i do know why it's breaking, i just don't know how to fix it.
#1 if i add things to its observableList in the worker thread, that's not allowed. i have to do it on the application thread only.

#2 if i add things to its observableList in the application thread, that's fine. but i am not allowed to iterate a Collection in my application thread while it is being appended/modified in the worker thread.
it causes a ConcurrentModificationException. the reason i need to iterate is due to needing a sorted list.

this code is what breaks it:
private Map<Double, String> bestResults = new TreeMap<>(); // this tree map sorts decoded text strings by their score, the score ranks how good they're decoded.
controller.oBest.addAll(bestResults.values()); // adds strings to the oBest observable list. causes a ConcurrentModificationException because bestResults.values() is treated as iteration
 
Marshal
Posts: 3722
533
Android Eclipse IDE TypeScript Redhat MicroProfile Quarkus Java Linux
  • Mark post as helpful
  • send pies
    Number of slices to send:
    Optional 'thank-you' note:
  • Quote
  • Report post to moderator

S Fox wrote:the program is too complex to make an sscce.


You don't need to demonstrate the whole application, just the bits are causing you grief.

S Fox wrote:#1 if i add things to its observableList in the worker thread, that's not allowed. i have to do it on the application thread only.

S Fox wrote:#2 if i add things to its observableList in the application thread, that's fine. but i am not allowed to iterate a Collection in my application thread while it is being appended/modified in the worker thread.


Can you write some small apps to demonstrate those problems?
 
Ron McLeod
Marshal
Posts: 3722
533
Android Eclipse IDE TypeScript Redhat MicroProfile Quarkus Java Linux
  • Mark post as helpful
  • send pies
    Number of slices to send:
    Optional 'thank-you' note:
  • Quote
  • Report post to moderator
I don't really know much a lot about JavaFX, but does example code in anyway illustrate what you are trying to do - make changes to a list in a non-GUI thread, render the updated list in the GUI thread?


I'm not a JaxaFX guy, so this is probably a poor example of how JaxaFX code should be written.
 
S Fox
Rancher
Posts: 259
13
Eclipse IDE C++ Java
  • Mark post as helpful
  • send pies
    Number of slices to send:
    Optional 'thank-you' note:
  • Quote
  • Report post to moderator
here's the smallest example i could make.
the listview is supposed to show a message of n chars, that has been decoded with various keys.
each result has a score showing how good it is. the results in the listview should be shown sorted.
scores are negative, so best score is the largest negative value.

(example removed, too many errors. please see the new example!)
 
S Fox
Rancher
Posts: 259
13
Eclipse IDE C++ Java
  • Mark post as helpful
  • send pies
    Number of slices to send:
    Optional 'thank-you' note:
  • Quote
  • Report post to moderator
i solved the logic errors and concurrency exceptions. no more exceptions are being thrown at all.

but my app freezes-up when adding things to the observable list at full speed.
the entire cpu is only showing about 25% utilization when this happens, so it must be the application thread becoming bogged down.

i put a sleep on the worker thread to reduce the freezing, and it clearly shows that i have a data corruption problem from desync. i tried to fix it with synchronized keywords and that didn't work.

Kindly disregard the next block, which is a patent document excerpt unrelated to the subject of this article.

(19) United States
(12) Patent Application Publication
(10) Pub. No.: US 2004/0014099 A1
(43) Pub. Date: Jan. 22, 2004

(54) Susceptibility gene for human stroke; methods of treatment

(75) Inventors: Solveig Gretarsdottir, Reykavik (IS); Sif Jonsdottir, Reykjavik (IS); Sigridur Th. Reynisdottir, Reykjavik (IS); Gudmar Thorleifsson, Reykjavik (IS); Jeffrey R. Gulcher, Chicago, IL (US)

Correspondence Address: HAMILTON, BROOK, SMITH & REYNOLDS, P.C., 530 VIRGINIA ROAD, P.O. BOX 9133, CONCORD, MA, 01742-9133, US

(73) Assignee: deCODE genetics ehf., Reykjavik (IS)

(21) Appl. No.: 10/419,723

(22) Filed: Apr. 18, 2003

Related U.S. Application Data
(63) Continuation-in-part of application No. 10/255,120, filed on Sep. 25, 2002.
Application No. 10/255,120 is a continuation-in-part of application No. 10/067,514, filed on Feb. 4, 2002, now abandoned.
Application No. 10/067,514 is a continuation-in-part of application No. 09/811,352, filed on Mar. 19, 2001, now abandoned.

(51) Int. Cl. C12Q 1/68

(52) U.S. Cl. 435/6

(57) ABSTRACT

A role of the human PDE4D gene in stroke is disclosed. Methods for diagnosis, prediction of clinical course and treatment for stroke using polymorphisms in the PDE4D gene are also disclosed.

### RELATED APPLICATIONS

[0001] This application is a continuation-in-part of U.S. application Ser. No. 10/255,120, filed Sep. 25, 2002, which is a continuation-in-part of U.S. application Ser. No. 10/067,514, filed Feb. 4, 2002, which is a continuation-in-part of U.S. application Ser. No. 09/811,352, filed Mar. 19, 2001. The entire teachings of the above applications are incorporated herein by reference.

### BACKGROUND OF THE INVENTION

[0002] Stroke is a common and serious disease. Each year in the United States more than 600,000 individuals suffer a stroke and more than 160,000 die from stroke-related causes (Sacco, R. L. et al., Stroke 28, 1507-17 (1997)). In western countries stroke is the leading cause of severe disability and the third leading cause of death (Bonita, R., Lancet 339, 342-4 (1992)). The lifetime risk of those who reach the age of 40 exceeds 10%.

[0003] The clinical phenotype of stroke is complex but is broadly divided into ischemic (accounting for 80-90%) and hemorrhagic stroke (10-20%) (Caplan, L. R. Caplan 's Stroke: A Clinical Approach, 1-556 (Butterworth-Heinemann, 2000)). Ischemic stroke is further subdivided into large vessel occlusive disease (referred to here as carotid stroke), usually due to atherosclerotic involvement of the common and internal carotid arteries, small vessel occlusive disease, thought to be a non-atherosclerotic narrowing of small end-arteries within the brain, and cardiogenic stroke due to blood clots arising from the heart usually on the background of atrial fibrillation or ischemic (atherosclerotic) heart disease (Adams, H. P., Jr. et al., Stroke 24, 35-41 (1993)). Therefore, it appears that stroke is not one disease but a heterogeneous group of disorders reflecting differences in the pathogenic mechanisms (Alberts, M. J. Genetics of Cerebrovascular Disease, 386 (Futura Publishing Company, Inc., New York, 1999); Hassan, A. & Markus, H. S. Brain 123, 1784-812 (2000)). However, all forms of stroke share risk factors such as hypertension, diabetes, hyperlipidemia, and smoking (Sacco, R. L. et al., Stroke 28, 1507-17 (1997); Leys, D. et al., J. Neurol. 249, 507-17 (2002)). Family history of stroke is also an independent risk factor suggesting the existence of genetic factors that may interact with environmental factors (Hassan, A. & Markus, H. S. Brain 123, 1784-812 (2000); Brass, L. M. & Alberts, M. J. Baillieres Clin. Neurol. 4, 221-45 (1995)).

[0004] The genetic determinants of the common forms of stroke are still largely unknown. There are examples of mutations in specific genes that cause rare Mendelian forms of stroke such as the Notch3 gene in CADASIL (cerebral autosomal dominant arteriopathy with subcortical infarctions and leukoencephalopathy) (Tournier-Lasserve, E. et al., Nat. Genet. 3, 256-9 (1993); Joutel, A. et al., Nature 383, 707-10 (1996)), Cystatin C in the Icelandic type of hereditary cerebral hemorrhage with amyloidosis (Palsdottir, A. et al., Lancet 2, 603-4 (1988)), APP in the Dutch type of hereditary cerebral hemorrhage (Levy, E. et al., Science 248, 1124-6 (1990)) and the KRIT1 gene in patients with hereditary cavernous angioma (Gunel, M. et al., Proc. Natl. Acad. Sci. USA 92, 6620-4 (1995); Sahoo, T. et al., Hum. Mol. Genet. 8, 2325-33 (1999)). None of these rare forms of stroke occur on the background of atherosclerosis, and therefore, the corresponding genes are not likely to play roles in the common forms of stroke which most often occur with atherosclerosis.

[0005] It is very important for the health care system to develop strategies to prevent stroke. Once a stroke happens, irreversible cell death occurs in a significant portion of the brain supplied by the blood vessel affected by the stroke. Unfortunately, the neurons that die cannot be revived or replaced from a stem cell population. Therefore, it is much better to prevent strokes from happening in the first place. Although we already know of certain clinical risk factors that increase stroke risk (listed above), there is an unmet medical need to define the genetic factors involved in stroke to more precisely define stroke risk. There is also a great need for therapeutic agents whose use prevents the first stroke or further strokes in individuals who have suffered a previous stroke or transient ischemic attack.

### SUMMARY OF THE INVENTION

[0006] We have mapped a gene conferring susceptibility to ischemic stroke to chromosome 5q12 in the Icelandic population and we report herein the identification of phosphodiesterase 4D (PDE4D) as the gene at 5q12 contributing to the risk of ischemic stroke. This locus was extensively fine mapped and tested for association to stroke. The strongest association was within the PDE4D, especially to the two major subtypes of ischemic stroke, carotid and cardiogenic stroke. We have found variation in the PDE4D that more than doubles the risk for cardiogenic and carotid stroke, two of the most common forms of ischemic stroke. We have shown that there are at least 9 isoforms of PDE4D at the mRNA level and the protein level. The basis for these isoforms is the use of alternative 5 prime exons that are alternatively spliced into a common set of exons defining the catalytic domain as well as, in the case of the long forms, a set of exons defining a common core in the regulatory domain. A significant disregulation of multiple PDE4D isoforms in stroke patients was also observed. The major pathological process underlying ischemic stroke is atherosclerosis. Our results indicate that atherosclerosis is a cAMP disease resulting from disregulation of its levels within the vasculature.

man i really hate multi threading!

i will post an updated example soon.
 
S Fox
Rancher
Posts: 259
13
Eclipse IDE C++ Java
  • Mark post as helpful
  • send pies
    Number of slices to send:
    Optional 'thank-you' note:
  • Quote
  • Report post to moderator
here is my new example. please try running it, i need suggestions on how to improve the performance.

the DecodeTask is designed to run in parallel. the more of these that can run at a time the better.

i think that the mainResults hashset is the choke-point of performance. everything needs to access it.
if i made it as a ConcurrentHashMap.keySet() everything would be able to access it directly at the same time.
i tried that idea out and it works.

but i thought a normal hashset would give higher performance so i created a standard hashset that is accessed by a lock.
and i created buffers, so that if a worker thread cannot get the lock immediately it will just keep filling up a buffer.
all the worker threads should eventually get the lock and dump their buffer into mainResults.
if there is a lock-contention/starvation issue, then a buffer will never get emptied, but i think it's working correctly.

no matter what i do, it runs horribly and the GUI freezes up, the sorting being done on the listview makes it even worse.
you'll have to run it to see what i mean.



 
S Fox
Rancher
Posts: 259
13
Eclipse IDE C++ Java
  • Mark post as helpful
  • send pies
    Number of slices to send:
    Optional 'thank-you' note:
  • Quote
  • Report post to moderator
i have discovered what the problem is!
line #165 and #166



both of these operations are happening so slowly that it's causing the application thread to block. freezes everything up solid.
when i comment out those 2 lines, the mainResults hashset can grow to be 20 million entries with no slowdown or problems at all.
it takes 20+ms to do the addAll, and 500+ ms to do the sorting.

i need a better way to do these things that scales well. please help?
 
Sheriff
Posts: 3837
66
Netbeans IDE Oracle Firefox Browser
  • Likes 3
  • Mark post as helpful
  • send pies
    Number of slices to send:
    Optional 'thank-you' note:
  • Quote
  • Report post to moderator
I have a few thoughts about your application:

  • Usually, when an operation is expensive, we typically move it from the GUI thread to a background thread. You could do the sort in a background thread. Some coordination between threads would be necessary.
  • The Observable list will fire a change on every change. Your application changes it very often. I'd say it would be better if you had a timer on the GUI thread you'd set to whatever refresh frequency you wanted, and the timer would read the task state from the working structure and update the GUI text.
  • Do you need the expensive sorting operation at all? Is someone going to ever look at the bottom of the list of results? Perhaps you could display only a handful of best results (top ten, top hundred, top thousand?). Keeping a list of N best results will be much less expensive than sorting an ever growing list all over and over again. For starters, as the time progresses, most of new results wouldn't even make it to the list, meaning that the frequency of the list updates would decrease over time. Plus, if you go this route, making the list of top-N result an observable list would make much more sense than it does now.